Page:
Probabilistic Linear Algebra for Stochastic Optimization

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Dokumentart: PhDThesis
Date: 2022-09-12
Language: English
Faculty: 7 Mathematisch-Naturwissenschaftliche Fakultät
Department: Informatik
Advisor: Hennig, Philipp (Prof. Dr.)
Day of Oral Examination: 2022-04-07
DDC Classifikation: 004 - Data processing and computer science
Keywords: Maschinelles Lernen , Optimierung , Wahrscheinlichkeit
Other Keywords:
Machine Learning
Probability Theory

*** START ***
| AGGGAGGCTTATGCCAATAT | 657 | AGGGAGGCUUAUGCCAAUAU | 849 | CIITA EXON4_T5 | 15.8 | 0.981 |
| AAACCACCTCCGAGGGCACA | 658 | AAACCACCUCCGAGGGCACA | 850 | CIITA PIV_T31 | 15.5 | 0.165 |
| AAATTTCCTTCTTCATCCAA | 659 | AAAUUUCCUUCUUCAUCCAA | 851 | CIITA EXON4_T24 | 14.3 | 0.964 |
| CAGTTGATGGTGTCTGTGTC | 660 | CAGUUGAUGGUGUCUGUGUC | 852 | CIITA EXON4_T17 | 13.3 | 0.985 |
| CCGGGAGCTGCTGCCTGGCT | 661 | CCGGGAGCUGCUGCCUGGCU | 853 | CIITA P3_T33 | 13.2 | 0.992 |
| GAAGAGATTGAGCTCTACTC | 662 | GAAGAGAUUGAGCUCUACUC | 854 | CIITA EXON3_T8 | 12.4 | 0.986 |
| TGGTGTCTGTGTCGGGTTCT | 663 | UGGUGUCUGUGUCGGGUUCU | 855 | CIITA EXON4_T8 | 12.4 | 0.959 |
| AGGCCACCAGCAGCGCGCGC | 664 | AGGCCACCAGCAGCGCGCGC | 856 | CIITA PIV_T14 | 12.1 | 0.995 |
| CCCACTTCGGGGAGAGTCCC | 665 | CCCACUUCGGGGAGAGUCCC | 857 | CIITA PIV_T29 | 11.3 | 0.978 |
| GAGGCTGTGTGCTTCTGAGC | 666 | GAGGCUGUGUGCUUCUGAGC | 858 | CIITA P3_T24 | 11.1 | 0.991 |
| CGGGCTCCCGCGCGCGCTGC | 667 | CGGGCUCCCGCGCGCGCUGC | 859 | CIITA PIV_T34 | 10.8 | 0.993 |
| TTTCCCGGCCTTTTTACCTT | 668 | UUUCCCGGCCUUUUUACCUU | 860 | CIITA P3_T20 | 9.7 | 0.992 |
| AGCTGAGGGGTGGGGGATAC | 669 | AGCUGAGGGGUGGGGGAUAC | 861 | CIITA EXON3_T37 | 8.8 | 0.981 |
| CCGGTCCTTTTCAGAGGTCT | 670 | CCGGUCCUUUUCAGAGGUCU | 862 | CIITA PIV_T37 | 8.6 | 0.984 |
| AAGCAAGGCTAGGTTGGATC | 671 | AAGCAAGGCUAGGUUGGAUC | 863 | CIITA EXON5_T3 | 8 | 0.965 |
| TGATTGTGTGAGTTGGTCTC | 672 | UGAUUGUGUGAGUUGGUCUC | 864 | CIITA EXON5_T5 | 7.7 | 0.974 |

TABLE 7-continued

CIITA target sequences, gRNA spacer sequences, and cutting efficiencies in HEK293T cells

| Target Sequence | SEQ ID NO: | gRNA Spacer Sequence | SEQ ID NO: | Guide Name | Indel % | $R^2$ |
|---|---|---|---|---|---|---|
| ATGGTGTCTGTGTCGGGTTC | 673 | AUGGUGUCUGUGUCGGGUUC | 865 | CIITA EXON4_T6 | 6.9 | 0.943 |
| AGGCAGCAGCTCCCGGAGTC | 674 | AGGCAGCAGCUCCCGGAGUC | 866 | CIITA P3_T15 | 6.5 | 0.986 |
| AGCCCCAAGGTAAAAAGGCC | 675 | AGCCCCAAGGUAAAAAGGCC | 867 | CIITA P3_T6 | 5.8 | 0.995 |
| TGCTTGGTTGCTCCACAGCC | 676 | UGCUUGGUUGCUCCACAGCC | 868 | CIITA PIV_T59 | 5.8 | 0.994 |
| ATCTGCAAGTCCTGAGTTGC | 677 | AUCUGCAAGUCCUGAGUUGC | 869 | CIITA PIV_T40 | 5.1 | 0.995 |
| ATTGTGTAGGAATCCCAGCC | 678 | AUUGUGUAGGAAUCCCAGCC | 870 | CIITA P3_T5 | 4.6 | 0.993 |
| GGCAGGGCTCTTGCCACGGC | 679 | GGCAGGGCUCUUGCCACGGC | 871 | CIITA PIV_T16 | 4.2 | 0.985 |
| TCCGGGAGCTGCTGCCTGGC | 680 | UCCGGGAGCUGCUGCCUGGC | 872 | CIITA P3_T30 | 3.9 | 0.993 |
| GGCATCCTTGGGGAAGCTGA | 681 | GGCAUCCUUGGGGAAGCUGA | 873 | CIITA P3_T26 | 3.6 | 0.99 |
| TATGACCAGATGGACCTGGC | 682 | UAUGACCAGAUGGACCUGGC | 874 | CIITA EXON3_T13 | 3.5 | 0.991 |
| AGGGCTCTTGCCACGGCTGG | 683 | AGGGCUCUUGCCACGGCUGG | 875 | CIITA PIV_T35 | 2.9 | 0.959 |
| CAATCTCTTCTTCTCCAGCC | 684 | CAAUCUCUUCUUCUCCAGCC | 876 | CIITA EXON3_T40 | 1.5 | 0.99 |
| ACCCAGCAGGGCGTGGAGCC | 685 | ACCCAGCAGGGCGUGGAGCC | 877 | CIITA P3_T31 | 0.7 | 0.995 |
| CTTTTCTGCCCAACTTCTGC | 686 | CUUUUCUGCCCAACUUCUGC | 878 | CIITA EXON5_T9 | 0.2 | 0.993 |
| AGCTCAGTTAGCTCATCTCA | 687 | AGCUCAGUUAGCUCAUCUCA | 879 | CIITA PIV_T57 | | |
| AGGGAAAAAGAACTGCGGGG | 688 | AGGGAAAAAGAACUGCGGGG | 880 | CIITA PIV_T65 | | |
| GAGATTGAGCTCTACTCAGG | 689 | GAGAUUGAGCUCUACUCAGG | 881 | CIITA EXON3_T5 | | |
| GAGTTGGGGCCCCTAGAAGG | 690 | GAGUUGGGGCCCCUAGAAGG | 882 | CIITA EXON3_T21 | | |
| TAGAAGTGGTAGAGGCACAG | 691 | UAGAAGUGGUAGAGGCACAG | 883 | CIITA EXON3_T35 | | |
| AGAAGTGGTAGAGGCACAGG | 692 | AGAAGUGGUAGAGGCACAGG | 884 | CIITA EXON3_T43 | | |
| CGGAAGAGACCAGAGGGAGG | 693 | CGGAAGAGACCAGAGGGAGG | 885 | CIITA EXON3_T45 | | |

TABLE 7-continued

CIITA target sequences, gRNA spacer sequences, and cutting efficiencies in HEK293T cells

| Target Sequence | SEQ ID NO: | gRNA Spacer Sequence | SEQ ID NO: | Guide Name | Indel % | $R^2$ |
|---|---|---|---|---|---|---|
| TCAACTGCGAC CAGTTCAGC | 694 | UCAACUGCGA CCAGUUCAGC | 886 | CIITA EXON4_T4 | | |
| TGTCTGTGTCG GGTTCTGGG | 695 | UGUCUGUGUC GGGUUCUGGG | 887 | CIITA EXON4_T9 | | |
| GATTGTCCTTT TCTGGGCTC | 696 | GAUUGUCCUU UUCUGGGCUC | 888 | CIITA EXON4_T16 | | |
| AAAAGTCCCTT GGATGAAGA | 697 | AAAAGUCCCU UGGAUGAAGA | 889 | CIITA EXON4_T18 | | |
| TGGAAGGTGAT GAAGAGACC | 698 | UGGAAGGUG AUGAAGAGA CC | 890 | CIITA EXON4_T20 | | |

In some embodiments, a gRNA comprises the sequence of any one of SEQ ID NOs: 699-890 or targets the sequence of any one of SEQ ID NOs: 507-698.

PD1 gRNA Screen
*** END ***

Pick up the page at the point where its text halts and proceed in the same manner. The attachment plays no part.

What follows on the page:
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The emergent field of machine learning has by now become the main proponent of data-driven discovery. Yet, with ever more data, it is also faced with new computational challenges. To make machines "learn", the desired task is oftentimes phrased as an empirical risk minimization problem that needs to be solved by numerical optimization routines. Optimization in ML deviates from the scope of traditional optimization in two regards. First, ML deals with large datasets that need to be subsampled to reduce the computational burden, inadvertently introducing noise into the optimization procedure. The second distinction is the sheer size of the parameter space which severely limits the amount of information that optimization algorithms store. Both aspects together have made first-order optimization routines a prevalent choice for model training in ML. First-order algorithms use only gradient information to determine a step direction and step length to update the parameters. Inclusion of second-order information about the local curvature has a great potential to improve the performance of the optimizer if done efficiently. Probabilistic curvature estimation for use in optimization is a recurring theme of this thesis and the problem is explored in three different directions that are relevant to ML training. By iteratively adapting the scale of an arbitrary curvature estimate it is possible to circumvent the tedious work of manually tuning the optimizer’s step length during model training. The general form of the curvature estimate naturally extends its applicability to various popular optimization algorithms. Curvature can also be inferred with matrix-variate distributions by projections of the curvature matrix. Noise can then be captured by a likelihood with non-vanishing width, leading to a novel update strategy that uses the inherent uncertainty to estimate the curvature. Finally, a new form of curvature estimate is derived from gradient observations of a nonparametric model. It expands the family of viable curvature estimates used in optimization. An important outcome of the research is to highlight the benefit of utilizing curvature information in stochastic optimization. By considering multiple ways of efficiently leveraging second-order information, the thesis advances the frontier of stochastic optimization and unlocks new avenues for research on the training of large scale ML models.

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